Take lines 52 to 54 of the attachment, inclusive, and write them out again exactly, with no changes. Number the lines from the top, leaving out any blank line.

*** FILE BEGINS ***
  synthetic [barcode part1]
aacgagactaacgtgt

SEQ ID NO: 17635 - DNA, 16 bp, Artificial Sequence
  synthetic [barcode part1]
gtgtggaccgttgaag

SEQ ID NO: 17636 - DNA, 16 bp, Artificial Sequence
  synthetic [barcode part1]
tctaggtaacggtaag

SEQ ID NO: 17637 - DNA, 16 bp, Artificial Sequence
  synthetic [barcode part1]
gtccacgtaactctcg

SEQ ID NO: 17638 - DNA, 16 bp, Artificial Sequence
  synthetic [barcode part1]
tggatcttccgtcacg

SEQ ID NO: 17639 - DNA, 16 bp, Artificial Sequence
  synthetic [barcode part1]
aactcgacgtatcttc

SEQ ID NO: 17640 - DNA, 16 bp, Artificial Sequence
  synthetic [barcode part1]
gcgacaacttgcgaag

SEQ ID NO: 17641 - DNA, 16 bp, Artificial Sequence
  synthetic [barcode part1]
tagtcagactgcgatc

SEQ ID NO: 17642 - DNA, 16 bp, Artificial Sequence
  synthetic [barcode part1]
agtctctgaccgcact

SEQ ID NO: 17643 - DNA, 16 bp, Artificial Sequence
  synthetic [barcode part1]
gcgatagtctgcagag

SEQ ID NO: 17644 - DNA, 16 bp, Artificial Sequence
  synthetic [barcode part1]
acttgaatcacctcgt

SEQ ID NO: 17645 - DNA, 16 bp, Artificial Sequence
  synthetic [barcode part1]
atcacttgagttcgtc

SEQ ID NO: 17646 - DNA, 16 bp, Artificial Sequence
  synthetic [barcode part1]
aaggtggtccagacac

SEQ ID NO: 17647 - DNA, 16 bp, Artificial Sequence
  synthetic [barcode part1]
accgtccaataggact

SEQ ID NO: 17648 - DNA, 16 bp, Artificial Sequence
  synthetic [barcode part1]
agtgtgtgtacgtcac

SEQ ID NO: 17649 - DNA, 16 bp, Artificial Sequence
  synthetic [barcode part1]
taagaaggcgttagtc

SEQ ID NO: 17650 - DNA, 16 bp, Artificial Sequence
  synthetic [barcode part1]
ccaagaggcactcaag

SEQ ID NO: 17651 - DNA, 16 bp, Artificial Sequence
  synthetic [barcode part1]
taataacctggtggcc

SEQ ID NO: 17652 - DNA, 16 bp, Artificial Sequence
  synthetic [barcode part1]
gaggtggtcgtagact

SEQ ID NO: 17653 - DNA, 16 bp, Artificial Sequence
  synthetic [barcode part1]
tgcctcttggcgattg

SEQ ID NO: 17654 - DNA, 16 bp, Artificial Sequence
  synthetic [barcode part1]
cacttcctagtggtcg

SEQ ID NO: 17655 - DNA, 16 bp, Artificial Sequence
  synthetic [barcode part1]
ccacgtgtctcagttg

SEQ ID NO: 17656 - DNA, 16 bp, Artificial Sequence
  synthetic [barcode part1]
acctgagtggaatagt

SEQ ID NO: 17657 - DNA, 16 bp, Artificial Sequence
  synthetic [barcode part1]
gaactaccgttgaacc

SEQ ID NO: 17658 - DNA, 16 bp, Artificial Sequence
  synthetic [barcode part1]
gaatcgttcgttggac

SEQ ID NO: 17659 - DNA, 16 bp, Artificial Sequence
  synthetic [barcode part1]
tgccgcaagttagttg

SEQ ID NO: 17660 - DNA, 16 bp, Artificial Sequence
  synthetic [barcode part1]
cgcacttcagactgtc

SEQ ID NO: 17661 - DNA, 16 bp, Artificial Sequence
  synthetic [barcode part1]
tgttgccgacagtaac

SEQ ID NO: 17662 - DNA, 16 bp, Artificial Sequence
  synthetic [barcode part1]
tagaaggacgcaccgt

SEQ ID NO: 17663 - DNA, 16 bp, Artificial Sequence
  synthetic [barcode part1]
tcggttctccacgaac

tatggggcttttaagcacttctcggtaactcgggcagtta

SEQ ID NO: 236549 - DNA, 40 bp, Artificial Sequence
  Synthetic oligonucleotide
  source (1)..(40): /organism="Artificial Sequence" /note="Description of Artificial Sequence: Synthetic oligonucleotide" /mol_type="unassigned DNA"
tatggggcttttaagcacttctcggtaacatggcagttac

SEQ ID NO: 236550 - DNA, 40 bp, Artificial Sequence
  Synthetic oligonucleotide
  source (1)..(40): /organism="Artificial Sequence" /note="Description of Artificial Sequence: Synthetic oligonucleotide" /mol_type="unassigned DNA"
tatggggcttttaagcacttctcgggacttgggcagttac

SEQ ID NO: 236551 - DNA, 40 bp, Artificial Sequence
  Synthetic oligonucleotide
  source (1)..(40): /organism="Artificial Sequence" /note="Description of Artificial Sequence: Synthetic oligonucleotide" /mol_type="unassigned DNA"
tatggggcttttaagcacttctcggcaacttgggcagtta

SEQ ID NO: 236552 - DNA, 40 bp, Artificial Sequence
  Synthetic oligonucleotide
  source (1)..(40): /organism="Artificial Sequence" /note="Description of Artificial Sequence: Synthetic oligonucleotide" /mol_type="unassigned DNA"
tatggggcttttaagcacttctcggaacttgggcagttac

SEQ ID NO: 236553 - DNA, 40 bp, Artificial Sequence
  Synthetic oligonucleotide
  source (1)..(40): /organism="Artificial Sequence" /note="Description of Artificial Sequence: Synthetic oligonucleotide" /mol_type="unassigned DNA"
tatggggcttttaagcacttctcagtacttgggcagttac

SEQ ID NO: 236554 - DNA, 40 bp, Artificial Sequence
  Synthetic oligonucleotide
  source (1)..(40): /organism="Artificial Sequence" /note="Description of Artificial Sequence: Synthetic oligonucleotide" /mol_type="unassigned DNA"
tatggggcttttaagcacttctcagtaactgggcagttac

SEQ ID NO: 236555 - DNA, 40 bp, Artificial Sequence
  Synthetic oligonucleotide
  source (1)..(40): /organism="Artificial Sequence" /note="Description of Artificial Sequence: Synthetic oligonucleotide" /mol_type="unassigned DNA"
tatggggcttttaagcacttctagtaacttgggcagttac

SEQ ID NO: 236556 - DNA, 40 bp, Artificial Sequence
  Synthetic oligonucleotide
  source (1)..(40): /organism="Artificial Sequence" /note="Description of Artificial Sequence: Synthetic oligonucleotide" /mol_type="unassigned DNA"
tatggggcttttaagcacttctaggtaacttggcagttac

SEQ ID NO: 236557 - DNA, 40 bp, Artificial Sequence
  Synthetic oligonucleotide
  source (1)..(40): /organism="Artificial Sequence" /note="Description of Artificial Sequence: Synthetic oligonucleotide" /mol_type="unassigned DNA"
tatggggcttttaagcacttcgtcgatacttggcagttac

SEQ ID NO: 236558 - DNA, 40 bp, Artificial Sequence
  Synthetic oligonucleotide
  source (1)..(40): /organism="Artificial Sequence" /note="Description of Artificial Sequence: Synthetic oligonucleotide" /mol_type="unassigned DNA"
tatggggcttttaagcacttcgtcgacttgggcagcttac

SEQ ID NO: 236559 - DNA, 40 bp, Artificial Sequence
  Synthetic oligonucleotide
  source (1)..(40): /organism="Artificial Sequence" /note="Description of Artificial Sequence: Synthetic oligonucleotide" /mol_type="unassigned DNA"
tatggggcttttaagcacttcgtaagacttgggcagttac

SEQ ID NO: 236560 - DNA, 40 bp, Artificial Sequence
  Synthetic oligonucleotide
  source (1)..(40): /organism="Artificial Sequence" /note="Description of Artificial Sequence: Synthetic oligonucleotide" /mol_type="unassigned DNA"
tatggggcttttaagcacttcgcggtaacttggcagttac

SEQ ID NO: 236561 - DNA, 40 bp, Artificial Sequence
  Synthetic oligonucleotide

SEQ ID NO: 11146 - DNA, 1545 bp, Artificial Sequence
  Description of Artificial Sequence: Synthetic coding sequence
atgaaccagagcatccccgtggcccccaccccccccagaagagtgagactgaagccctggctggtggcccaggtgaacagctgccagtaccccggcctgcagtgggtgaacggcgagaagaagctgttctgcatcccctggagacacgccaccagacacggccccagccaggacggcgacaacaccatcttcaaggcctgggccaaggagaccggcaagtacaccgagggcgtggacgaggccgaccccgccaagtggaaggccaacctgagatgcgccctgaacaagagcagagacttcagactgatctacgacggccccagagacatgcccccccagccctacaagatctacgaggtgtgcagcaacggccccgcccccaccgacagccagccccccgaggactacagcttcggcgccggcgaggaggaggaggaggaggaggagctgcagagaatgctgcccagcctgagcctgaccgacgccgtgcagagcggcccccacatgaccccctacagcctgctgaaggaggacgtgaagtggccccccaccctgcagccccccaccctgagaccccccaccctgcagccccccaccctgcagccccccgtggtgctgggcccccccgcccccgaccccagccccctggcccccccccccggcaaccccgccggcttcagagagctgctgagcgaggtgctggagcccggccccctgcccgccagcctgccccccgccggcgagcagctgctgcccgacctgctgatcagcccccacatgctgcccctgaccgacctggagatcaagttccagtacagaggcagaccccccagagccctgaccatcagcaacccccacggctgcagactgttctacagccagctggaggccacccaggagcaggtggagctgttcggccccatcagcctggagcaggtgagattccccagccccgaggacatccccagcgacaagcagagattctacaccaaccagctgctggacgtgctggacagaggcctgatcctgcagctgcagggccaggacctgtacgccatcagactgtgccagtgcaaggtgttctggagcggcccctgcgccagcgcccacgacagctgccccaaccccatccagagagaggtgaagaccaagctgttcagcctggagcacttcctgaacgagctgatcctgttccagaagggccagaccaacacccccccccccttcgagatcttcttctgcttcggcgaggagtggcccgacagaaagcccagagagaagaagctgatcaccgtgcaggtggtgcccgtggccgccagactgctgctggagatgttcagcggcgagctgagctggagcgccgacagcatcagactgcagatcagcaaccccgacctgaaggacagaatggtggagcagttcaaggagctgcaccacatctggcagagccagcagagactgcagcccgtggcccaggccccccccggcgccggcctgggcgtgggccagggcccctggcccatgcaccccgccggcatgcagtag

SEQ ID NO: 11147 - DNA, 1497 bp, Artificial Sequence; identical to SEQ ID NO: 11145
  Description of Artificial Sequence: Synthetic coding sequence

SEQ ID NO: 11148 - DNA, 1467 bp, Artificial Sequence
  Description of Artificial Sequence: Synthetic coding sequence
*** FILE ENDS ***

  synthetic [barcode part1]
taataacctggtggcc

SEQ ID NO: 17652 - DNA, 16 bp, Artificial Sequence